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Am J Hum Genet. 2016 May 5;98(5):919-933. doi: 10.1016/j.ajhg.2016.04.001. Epub 2016 Apr 25.

Population-Scale Sequencing Data Enable Precise Estimates of Y-STR Mutation Rates.

Author information

1
New York Genome Center, New York, NY 10013, USA; Computational and Systems Biology Program, MIT, Cambridge, MA 02139, USA; Whitehead Institute for Biomedical Research, 9 Cambridge Center, Cambridge, MA 02139, USA.
2
New York Genome Center, New York, NY 10013, USA; Whitehead Institute for Biomedical Research, 9 Cambridge Center, Cambridge, MA 02139, USA; Harvard-MIT Division of Health Sciences and Technology, MIT, Cambridge, MA 02139, USA; Program in Medical and Population Genetics, Broad Institute of MIT and Harvard, Cambridge, MA 02139, USA.
3
Program in Biomedical Informatics, Stanford University, Stanford, CA 94305, USA; Department of Genetics, Stanford University, Stanford, CA 94305, USA.
4
Wellcome Trust Sanger Institute, Wellcome Genome Campus, Hinxton, Cambridgeshire CB10 1SA, UK.
5
New York Genome Center, New York, NY 10013, USA; Whitehead Institute for Biomedical Research, 9 Cambridge Center, Cambridge, MA 02139, USA; Department of Computer Science, Fu Foundation School of Engineering, Columbia University, New York, NY 10027, USA; Center for Computational Biology and Bioinformatics, Columbia University, New York, NY 10032, USA. Electronic address: yaniv@cs.columbia.edu.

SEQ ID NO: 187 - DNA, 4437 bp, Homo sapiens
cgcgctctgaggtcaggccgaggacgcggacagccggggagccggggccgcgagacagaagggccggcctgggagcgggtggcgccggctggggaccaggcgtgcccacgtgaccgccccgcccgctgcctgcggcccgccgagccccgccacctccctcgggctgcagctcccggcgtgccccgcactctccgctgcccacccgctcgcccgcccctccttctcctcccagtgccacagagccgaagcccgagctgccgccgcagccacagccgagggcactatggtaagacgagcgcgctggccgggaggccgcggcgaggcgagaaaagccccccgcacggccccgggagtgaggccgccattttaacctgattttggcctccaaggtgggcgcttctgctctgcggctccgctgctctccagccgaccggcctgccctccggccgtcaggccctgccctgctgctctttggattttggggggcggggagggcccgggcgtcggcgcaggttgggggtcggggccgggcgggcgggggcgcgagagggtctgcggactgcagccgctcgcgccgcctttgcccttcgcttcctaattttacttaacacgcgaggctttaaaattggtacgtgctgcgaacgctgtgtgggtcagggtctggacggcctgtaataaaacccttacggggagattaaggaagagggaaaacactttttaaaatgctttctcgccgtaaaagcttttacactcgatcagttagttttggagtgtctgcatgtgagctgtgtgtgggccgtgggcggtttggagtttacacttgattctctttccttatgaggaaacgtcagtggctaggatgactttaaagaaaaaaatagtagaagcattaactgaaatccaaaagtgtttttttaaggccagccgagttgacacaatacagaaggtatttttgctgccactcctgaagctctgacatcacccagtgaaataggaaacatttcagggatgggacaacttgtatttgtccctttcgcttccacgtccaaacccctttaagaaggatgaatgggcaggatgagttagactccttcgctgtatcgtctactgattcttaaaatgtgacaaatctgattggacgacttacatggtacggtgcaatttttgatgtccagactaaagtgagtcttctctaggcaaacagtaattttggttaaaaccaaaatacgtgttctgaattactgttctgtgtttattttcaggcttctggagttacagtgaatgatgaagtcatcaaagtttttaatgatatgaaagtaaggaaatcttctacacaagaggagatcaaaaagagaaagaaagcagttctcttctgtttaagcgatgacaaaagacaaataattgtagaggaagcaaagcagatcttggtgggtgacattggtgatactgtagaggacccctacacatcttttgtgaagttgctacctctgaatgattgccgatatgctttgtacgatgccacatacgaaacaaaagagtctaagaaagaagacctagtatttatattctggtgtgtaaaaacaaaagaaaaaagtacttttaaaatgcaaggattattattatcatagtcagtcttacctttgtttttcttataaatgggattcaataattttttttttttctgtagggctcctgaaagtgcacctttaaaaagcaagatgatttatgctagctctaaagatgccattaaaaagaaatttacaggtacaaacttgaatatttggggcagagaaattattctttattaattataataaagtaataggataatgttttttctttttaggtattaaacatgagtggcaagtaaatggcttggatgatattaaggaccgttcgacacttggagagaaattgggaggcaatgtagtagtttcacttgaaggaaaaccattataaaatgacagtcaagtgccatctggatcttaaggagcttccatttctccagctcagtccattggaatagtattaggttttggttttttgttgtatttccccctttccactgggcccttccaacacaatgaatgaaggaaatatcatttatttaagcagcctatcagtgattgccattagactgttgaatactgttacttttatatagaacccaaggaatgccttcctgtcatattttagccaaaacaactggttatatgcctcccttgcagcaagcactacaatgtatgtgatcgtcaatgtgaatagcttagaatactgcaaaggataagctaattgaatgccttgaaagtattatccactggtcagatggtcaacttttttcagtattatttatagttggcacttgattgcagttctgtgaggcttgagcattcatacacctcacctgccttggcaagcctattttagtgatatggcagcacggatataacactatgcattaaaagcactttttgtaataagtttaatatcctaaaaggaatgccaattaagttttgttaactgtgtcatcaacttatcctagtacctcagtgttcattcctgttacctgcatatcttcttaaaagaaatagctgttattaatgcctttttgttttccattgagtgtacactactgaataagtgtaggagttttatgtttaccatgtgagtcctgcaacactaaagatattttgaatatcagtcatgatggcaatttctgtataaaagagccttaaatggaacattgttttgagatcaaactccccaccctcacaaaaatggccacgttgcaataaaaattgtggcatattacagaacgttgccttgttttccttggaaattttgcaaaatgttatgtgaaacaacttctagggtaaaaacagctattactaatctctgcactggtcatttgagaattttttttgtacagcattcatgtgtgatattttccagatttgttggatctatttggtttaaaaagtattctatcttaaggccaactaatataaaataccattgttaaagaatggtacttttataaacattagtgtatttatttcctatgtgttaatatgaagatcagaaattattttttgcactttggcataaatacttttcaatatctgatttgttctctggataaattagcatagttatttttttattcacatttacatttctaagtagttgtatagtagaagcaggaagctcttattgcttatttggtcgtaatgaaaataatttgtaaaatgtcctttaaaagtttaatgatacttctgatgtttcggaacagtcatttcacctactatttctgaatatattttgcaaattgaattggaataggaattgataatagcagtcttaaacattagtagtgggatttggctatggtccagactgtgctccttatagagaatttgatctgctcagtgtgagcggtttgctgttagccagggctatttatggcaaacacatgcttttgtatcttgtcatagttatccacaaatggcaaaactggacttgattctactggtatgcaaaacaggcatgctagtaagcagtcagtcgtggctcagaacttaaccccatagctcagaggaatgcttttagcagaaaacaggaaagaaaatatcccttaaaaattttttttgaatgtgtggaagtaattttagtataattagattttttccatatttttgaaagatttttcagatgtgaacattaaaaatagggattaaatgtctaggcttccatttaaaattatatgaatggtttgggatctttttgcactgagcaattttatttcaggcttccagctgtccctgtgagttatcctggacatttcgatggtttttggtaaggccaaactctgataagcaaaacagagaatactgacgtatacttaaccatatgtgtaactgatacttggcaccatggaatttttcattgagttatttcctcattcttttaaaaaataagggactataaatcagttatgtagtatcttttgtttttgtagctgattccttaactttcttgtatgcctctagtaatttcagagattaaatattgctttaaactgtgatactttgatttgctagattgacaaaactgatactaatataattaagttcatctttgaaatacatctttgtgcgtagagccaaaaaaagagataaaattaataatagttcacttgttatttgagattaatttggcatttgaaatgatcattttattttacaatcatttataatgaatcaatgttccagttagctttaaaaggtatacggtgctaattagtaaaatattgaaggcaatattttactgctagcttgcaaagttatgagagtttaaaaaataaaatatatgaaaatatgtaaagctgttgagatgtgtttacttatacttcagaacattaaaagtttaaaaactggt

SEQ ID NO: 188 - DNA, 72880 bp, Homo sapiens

Abstract

Short tandem repeats (STRs) are mutation-prone loci that span nearly 1% of the human genome. Previous studies have estimated the mutation rates of highly polymorphic STRs by using capillary electrophoresis and pedigree-based designs. Although this work has provided insights into the mutational dynamics of highly mutable STRs, the mutation rates of most others remain unknown. Here, we harnessed whole-genome sequencing data to estimate the mutation rates of Y chromosome STRs (Y-STRs) with 2-6 bp repeat units that are accessible to Illumina sequencing. We genotyped 4,500 Y-STRs by using data from the 1000 Genomes Project and the Simons Genome Diversity Project. Next, we developed MUTEA, an algorithm that infers STR mutation rates from population-scale data by using a high-resolution SNP-based phylogeny. After extensive intrinsic and extrinsic validations, we harnessed MUTEA to derive mutation-rate estimates for 702 polymorphic STRs by tracing each locus over 222,000 meioses, resulting in the largest collection of Y-STR mutation rates to date. Using our estimates, we identified determinants of STR mutation rates and built a model to predict rates for STRs across the genome. These predictions indicate that the load of de novo STR mutations is at least 75 mutations per generation, rivaling the load of all other known variant types. Finally, we identified Y-STRs with potential applications in forensics and genetic genealogy, assessed the ability to differentiate between the Y chromosomes of father-son pairs, and imputed Y-STR genotypes.

PMID:
27126583
PMCID:
PMC4863667
DOI:
10.1016/j.ajhg.2016.04.001
[Indexed for MEDLINE]
Free PMC Article

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